The discovery of a 3,000-year-old city that was lost to the sands of Egypt has been hailed as one of the most important archaeological finds since Tutankhamun’s tomb, the BBC reports.
Famed Egyptologist Zahi Hawass announced the discovery of the “lost golden city” near Luxor on Thursday.
He said the find was the largest ancient city, known as Aten, ever uncovered in Egypt.
It was unearthed within weeks of the excavation starting in September 2020.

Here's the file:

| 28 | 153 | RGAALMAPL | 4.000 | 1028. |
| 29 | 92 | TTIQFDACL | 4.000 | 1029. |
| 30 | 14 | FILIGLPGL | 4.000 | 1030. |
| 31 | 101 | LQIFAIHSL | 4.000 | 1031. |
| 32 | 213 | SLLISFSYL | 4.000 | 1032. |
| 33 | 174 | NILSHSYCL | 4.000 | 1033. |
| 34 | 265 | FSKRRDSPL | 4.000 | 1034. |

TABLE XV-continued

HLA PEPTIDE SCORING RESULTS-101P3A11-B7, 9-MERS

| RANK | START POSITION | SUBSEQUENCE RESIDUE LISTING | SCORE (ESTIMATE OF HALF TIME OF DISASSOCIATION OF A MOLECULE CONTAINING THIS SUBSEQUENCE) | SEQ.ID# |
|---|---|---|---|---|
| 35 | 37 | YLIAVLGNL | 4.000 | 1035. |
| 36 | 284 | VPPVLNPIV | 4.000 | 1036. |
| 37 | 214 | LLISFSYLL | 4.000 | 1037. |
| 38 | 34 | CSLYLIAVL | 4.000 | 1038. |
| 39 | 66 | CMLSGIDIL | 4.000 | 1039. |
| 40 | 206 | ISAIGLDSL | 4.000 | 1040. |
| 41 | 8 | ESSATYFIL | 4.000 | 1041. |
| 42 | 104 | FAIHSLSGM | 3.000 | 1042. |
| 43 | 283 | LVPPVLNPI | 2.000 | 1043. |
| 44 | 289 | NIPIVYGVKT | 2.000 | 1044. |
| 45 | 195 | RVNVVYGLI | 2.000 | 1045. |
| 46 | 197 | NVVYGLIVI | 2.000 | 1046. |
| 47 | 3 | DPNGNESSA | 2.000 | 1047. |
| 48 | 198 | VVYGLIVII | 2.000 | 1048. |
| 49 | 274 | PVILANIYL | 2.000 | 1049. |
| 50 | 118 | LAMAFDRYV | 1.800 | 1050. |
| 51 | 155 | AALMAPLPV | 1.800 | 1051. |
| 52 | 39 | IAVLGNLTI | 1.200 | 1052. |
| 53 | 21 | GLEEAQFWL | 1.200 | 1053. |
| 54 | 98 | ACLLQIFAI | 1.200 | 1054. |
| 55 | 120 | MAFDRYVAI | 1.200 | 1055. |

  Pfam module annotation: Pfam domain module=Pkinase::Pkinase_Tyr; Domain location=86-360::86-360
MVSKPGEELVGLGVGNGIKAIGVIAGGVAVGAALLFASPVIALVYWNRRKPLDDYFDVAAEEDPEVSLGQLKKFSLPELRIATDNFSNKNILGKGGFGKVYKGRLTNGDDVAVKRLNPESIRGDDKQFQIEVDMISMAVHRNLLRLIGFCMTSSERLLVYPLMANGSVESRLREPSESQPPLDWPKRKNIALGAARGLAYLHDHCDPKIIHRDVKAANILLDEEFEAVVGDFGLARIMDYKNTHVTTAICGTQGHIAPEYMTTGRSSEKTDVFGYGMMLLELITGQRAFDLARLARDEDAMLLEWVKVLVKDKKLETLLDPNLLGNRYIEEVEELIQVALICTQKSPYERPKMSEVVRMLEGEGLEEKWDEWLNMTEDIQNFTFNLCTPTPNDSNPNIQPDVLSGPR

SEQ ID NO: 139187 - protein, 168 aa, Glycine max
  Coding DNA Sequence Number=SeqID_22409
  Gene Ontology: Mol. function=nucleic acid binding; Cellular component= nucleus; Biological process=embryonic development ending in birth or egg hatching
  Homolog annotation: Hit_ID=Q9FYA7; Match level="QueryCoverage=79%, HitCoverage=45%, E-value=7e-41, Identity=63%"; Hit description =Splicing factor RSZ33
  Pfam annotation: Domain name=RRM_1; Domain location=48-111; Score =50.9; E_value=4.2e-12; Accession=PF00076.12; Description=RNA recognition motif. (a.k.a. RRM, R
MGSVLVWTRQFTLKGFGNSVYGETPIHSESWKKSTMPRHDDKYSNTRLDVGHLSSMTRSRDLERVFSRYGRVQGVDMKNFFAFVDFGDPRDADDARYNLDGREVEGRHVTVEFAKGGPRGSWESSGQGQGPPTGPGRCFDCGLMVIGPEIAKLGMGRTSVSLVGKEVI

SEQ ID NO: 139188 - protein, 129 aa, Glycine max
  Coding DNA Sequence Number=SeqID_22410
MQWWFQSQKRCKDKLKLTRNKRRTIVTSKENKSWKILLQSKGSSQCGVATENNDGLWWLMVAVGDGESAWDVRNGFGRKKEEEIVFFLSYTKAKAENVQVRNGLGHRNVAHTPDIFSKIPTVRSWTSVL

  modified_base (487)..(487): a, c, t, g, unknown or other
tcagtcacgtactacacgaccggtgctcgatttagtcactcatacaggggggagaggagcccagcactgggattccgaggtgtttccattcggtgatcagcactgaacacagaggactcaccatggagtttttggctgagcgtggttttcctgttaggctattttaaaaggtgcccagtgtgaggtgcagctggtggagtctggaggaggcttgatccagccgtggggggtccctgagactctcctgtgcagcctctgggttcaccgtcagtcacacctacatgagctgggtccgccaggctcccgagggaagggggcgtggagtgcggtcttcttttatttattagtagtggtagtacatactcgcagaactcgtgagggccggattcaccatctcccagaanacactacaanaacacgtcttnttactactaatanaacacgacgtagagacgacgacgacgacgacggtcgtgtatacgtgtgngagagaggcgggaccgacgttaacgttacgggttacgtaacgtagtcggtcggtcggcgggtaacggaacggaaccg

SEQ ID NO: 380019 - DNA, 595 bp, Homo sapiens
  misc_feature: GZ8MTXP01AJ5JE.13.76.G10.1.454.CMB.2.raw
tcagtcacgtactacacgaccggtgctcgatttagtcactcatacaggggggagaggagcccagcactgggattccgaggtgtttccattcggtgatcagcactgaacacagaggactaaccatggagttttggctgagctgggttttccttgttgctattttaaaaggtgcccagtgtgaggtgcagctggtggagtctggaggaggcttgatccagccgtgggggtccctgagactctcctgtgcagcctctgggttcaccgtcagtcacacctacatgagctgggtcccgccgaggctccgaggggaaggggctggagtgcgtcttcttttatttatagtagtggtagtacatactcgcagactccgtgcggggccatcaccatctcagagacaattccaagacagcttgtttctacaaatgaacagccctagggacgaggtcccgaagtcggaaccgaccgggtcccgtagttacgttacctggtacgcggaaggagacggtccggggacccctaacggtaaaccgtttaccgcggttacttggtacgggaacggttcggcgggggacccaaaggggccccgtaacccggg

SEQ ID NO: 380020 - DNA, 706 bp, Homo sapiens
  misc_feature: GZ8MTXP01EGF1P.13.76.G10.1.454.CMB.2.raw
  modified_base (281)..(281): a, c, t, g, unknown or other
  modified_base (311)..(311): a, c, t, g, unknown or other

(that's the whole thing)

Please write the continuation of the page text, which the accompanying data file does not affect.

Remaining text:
The city dates to the reign of Amenhotep III, one of Egypt’s most powerful pharaohs, who ruled from 1391 to 1353 BC.
The city continued to be used by pharaohs Ay and Tutankhamun, whose nearly intact tomb was discovered in the Valley of the Kings by British archaeologist Howard Carter in 1922.
“The discovery of this lost city is the second most important archaeological discovery since the tomb of Tutankhamun,” Betsy Brian, professor of Egyptology at Johns Hopkins University in Baltimore, US, said.
She said the city would “give us a rare glimpse into the life of the ancient Egyptians” at the time when the empire was at its wealthiest.